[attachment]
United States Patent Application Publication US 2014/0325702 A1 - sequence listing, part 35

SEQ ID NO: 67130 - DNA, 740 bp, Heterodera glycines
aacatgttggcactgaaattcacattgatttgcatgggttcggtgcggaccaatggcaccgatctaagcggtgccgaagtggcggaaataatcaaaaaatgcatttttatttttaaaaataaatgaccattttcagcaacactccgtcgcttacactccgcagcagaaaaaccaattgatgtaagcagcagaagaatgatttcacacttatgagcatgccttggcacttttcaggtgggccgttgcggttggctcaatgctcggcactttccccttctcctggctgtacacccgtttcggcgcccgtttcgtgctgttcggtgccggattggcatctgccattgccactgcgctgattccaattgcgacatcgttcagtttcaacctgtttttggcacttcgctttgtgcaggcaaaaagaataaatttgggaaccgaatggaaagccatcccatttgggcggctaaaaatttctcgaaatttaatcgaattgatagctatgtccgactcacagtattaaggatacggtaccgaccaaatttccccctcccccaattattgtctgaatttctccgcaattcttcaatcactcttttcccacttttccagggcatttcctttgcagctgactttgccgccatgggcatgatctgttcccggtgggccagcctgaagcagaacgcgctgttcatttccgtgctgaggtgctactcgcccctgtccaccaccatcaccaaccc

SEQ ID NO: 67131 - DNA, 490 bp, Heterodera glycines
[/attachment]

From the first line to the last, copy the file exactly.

United States Patent Application Publication US 2014/0325702 A1 - sequence listing, part 35

SEQ ID NO: 67130 - DNA, 740 bp, Heterodera glycines
aacatgttggcactgaaattcacattgatttgcatgggttcggtgcggaccaatggcaccgatctaagcggtgccgaagtggcggaaataatcaaaaaatgcatttttatttttaaaaataaatgaccattttcagcaacactccgtcgcttacactccgcagcagaaaaaccaattgatgtaagcagcagaagaatgatttcacacttatgagcatgccttggcacttttcaggtgggccgttgcggttggctcaatgctcggcactttccccttctcctggctgtacacccgtttcggcgcccgtttcgtgctgttcggtgccggattggcatctgccattgccactgcgctgattccaattgcgacatcgttcagtttcaacctgtttttggcacttcgctttgtgcaggcaaaaagaataaatttgggaaccgaatggaaagccatcccatttgggcggctaaaaatttctcgaaatttaatcgaattgatagctatgtccgactcacagtattaaggatacggtaccgaccaaatttccccctcccccaattattgtctgaatttctccgcaattcttcaatcactcttttcccacttttccagggcatttcctttgcagctgactttgccgccatgggcatgatctgttcccggtgggccagcctgaagcagaacgcgctgttcatttccgtgctgaggtgctactcgcccctgtccaccaccatcaccaaccc

SEQ ID NO: 67131 - DNA, 490 bp, Heterodera glycines